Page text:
- What does increased intrathoracic pressure mean?
- How does peep increased intrathoracic pressure?
- What causes negative intrathoracic pressure?
- When should I reduce peep?
- Why does positive pressure reduce afterload?
- What are the rate and depth of breathing increased by?
- How does intrathoracic pressure affect venous return?
- How do you reduce intrathoracic pressure?
- What pressure is always negative in the lungs?
- What is normal intrathoracic pressure?
- What happens if intrapleural pressure becomes positive?
- What happens to venous return when you stand up?
- What happens if PEEP is too high?
- What is a good peep level?
- What happens when Transpulmonary pressure 0?
What does increased intrathoracic pressure mean?
Increases in intrathoracic pressure decreases left ventricular afterload and will augment left ventricular ejection.
In patients with hypervolemic heart failure, this afterload reducing effect can result in improved left ventricular ejection, increased cardiac output and reduced myocardial O2 demand..
How does peep increased intrathoracic pressure?
Second, PEEP increases intrathoracic pressure, particularly when used in focal processes. This decreases venous return and cardiac output with subsequent adverse effects on systemic blood pressure and tissue oxygen delivery.
What causes negative intrathoracic pressure?
Because of the obstruction (e.g., laryngospasm), a very large, negative, intrathoracic pressure is generated by the patient’s increased effort to breath. The large, negative pressures can be upwards of -100 cmH2O. The negative pressure causes an increase in left ventricular preload and afterload.
When should I reduce peep?
A low level of PEEP (∼5 cm H2O) is usually applied to offset the reduction in functional residual capacity (FRC) with supine positioning in mechanically ventilated patients, whereas higher levels may be applied to improve oxygenation in patients with hypoxemic respiratory failure.
Why does positive pressure reduce afterload?
Both PPV and positive end-expiratory pressure (PEEP) decrease LV diameter and increase transmural LV pressure, and LV afterload decreases due to baroreceptor reflex response to aortic compression. These mechanisms augment LV stroke volume, benefiting patients with left heart failure ± severe mitral regurgitation.
What are the rate and depth of breathing increased by?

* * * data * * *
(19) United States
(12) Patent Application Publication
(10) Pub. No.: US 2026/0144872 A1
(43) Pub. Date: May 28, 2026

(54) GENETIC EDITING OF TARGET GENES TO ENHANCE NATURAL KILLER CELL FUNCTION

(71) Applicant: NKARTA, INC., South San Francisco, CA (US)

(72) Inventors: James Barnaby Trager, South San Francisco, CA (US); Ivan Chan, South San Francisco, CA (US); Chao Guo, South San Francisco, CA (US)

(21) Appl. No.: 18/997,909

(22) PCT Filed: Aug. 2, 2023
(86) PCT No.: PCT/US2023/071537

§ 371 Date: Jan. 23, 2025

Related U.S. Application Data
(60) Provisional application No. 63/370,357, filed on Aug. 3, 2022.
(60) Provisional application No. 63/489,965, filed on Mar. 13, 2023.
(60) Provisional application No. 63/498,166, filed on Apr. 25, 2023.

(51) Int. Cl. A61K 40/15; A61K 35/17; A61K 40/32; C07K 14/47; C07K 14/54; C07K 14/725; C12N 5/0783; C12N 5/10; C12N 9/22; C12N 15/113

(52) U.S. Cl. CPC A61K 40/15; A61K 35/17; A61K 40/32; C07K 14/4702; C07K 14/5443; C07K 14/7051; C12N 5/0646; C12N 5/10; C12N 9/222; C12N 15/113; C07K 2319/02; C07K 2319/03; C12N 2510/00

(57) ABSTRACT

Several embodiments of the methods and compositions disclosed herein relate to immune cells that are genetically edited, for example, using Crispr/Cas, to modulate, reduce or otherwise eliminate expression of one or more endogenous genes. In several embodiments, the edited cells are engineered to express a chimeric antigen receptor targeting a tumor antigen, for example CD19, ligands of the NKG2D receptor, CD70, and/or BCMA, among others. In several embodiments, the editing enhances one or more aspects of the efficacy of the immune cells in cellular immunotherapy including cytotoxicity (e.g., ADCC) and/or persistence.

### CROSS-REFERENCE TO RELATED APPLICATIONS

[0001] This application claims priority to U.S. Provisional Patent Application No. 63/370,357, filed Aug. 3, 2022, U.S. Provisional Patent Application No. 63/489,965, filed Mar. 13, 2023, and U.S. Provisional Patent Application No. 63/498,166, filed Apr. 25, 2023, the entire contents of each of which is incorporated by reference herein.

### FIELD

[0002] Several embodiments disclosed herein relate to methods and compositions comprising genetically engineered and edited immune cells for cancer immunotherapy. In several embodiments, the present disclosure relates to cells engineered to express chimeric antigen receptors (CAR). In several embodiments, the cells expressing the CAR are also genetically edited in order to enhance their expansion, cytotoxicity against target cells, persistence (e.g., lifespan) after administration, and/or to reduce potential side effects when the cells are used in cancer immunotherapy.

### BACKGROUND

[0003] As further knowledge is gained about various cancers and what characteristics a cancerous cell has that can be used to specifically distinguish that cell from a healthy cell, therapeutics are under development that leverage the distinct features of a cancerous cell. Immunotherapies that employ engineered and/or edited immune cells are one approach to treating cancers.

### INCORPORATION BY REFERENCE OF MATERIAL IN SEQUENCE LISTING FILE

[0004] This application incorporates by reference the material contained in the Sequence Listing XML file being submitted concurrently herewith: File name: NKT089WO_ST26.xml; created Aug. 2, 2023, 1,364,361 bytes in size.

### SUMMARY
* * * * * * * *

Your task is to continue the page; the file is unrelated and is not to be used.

The heart rate increases during exercise. The rate and depth of breathing increases – this makes sure that more oxygen is absorbed into the blood, and more carbon dioxide is removed from it. The rate of breathing can be measured by counting the number of breaths in one minute.
How does intrathoracic pressure affect venous return?
With positive pressure ventilation, the intrathoracic pressure increases during inspiration causing a decrease in venous return, right ventricular output, and pulmonary blood flow. … On expiration, the intrathoracic pressure returns towards zero so that venous return will increase.
How do you reduce intrathoracic pressure?
Oxygen Supplementation and Ventilatory Support Intrathoracic pressure normally decreases during inspiration and spontaneous ventilation. Systemic venous return depends on the pressure gradient between the peripheral systemic veins (e.g., extrathoracic) and right atrium (e.g., intrathoracic).
What pressure is always negative in the lungs?
Intrapleural pressureIntrapleural pressure is the pressure within the pleural cavity. Intrapleural pressure is always negative, which acts like a suction to keep the lungs inflated. The negative intrapleural pressure is due to three main factors: 1. The surface tension of the alveolar fluid.
What is normal intrathoracic pressure?
In physiology, intrapleural pressure (also called intrathoracic pressure) refers to the pressure within the pleural cavity. Normally, the pressure within the pleural cavity is slightly less than the atmospheric pressure, in what is known as negative pressure. … At rest we have a negative intrapleural pressure.
What happens if intrapleural pressure becomes positive?
When intrapleural pressure becomes positive, increasing the effort (i.e. intrapleural pressure) causes no further increase in air flow. This effort independence indicates that resistance to air flow is increasing as intrapleural pressure increases (dynamic compression).
What happens to venous return when you stand up?
On the transition from sitting in a chair to standing, blood is pooled in the lower extremities as a result of gravitational forces. Venous return is reduced, which leads to a decrease in cardiac stroke volume, a decline in arterial blood pressure, and an immediate decrease in blood flow to the brain.
What happens if PEEP is too high?
Nurses who look after ventilated patients should be aware that high PEEP can lead to barotrauma and a drop in cardiac output- thus protocols should be in place to counter these complications.
What is a good peep level?
Applying physiologic PEEP of 3-5 cm water is common to prevent decreases in functional residual capacity in those with normal lungs. The reasoning for increasing levels of PEEP in critically ill patients is to provide acceptable oxygenation and to reduce the FiO2 to nontoxic levels (FiO2< 0.5).
What happens when Transpulmonary pressure 0?
If ‘transpulmonary pressure’ = 0 (alveolar pressure = intrapleural pressure), such as when the lungs are removed from the chest cavity or air enters the intrapleural space (a pneumothorax), the lungs collapse as a result of their inherent elastic recoil.